The Broncos have made 23 picks in that time, found seven full-time starters -- with more expected to be added if things go as planned in May.
Let's go inside each of those three drafts to see how things have gone and where they are headed.
First pick: Derek Wolfe. The Broncos traded down twice before selecting Wolfe in the second round -- 36th overall. Wolfe then had a productive rookie year as a starter who played at both defensive end and defensive tackle with almost equal effectiveness. And during last spring's offseason there was talk Wolfe, in both word and deed, had the look of a future team captain.
But then he struggled at times early in the season after a neck injury in the preseason loss in Seattle -- he was taken from the field by ambulance. Then in late November Wolfe collapsed on the team bus with seizure-like symptoms and missed the remainder of the year.
He lost some weight as he spent weeks with doctors who tried to find the source of the issues. The Broncos briefly tried to put him back on the practice field on Christmas Day, but elected to shut Wolfe down after that workout. Broncos head coach John Fox has said multiple times in this offseason Wolfe is on track to try to re-gain his starting job in the defense.
This draft class has has consistently led to questions about the team's approach and the lack of current starters. Linebacker Danny Trevathan (seventh round) is the only full-time starter among the seven picks at the moment.
Again, Wolfe is set to return to the starting lineup in the coming weeks and months. Defensive tackle/end Malik Jackson (fifth round) also has a prominent role in the line rotation and his playing time will only increase if he has another quality offseason. But Trevathan is the only pick from the draft who finished last season as an every-down player.
Best value pick: Trevathan. The Broncos -- for many of the same reasons they signed Wesley Woodyard as an undrafted and undersized linebacker out of Kentucky in 2008 -- selected Trevathan out of Kentucky.
Trevathan had led the Southeastern Conference in tackles and consistently displayed versatility and athleticism in his play. All he did last season was become the defense's most consistent player. He led the team in total tackles (124), solo tackles (84), tied for the team lead in interceptions (three) and knocked down 10 passes.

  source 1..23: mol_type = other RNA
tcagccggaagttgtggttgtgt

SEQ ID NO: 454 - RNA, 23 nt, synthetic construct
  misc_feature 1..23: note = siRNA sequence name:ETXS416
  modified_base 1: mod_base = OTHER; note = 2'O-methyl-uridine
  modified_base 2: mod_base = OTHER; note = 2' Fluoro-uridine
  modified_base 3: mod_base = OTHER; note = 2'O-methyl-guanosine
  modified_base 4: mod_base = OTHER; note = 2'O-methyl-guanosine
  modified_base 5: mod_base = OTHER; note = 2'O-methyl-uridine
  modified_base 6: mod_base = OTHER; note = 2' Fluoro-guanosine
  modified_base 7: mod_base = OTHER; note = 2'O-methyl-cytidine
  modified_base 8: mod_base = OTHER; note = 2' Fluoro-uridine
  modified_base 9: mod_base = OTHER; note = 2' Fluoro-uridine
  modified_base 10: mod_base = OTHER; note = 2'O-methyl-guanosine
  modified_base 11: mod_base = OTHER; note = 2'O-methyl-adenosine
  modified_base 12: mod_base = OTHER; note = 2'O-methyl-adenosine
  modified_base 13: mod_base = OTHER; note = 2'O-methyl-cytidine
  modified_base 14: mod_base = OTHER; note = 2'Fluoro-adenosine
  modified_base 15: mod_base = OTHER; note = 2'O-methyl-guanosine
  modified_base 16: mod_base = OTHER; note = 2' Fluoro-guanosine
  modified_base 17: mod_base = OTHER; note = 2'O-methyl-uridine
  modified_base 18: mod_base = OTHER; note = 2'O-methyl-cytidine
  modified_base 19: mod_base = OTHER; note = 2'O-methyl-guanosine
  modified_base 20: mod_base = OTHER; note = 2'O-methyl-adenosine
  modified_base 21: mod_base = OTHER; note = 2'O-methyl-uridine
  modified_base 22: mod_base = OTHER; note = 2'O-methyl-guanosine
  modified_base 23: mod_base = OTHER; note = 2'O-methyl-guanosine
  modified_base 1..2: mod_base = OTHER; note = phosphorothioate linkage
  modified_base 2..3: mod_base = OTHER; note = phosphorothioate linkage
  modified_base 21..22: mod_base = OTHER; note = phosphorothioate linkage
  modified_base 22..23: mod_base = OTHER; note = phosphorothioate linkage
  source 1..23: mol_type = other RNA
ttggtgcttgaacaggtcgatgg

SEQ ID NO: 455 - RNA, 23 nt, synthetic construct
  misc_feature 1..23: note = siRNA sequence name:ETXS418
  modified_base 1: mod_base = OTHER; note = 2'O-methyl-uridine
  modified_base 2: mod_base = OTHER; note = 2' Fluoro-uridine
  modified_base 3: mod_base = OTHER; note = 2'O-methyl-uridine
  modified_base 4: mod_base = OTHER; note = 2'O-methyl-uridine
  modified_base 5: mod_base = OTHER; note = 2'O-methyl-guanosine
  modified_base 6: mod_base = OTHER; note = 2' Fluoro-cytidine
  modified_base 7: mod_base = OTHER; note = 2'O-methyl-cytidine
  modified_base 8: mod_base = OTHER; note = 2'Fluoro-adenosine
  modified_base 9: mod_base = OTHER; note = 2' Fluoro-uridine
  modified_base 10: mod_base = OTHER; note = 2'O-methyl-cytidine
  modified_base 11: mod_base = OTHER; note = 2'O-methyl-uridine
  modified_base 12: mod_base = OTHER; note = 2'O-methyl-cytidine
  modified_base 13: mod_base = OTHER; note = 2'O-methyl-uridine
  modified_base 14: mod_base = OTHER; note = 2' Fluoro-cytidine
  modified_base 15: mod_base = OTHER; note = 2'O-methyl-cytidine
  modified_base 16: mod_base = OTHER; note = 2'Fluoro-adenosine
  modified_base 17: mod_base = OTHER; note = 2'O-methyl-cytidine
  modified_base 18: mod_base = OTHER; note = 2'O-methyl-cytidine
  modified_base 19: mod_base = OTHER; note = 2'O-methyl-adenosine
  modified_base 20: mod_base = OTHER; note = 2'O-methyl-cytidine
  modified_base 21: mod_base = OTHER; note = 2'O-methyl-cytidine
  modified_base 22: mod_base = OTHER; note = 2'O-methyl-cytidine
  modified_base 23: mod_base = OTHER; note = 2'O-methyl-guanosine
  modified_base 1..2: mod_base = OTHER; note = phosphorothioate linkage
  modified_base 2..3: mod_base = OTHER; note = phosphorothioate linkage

Now's the time: Running back Ronnie Hillman (third round) was handed the starting job when the Broncos opened their offseason work last spring and summer. He did not keep it.
And not only did he not keep it, he didn't handle the bump down the depth chart nearly as well as Knowshon Moreno had the year before in Hillman's rookie year. There are those with the team who believe Hillman showed some immaturity -- some to be expected from one of the youngest players on the '12 draft board with just two years in major college football -- and sulked a bit as the 2013 season wore on.
He was inactive on game days five times, did not play a snap in another game he was in uniform, and had an additional game he played in, but didn't get a carry. In all he carried the ball 55 times last season, or roughly at least 100 fewer times than the Broncos had hoped.
With the Broncos expected to take a look at the bigger backs available in this draft and with Montee Ball already penciled in as the starter, Hillman is in danger of finding out how quickly the NFL window closes for some.
He is still the big-play option in the backfield for the Broncos, but can't show that if he doesn't convince them he should be in the lineup.
Gone: C Philip Blake (fourth round). The Broncos tried him both at center and guard and he always seemed to be one of those players the personnel department thought more of than the coaching staff.
He never played his way into a serious consideration for playing time and they cut him last August. Blake is currently on the Arizona Cardinals roster.
More to come?: Ultimately, the player who will carry the signature of this class was their second pick in the second round: quarterback Brock Osweiler. He is Elway's hand-picked successor for Peyton Manning.
Osweiler is a big-framed (6-foot-8, 240 pounds), strong-armed passer. But what the Broncos, including Elway, liked about him most before that draft was his combination of confidence and work ethic. It takes work to play along side Manning and not every teammate, especially those who are his backup quarterbacks, are up for the pedal-to-the-metal intensity.
But Osweiler is a mentally tough guy who the team's veteran players say has commanded the huddle when he's had the chance in both practice and games. Sure, that's a long way from following a future Hall of Famer, but the Broncos still believe Osweiler is that guy.
It's why his age factored into the selection as well. He was just 21 when the 2012 draft rolled around, giving the team a buffer as compared to some of the other passers on the board that year.
It means Osweiler is set to enter his third season studying the game with one of the league's greatest-ever thinkers and Osweiler is still just 23.
Also, the Broncos, having moved Omar Bolden (fourth round) to safety, from cornerback, continue to hope he can find his way into some of their specialty packages. They drafted Bolden after he tore an ACL in his final season at Arizona State and moved him to safety last season, looking for more athleticism at the position in coverage looks.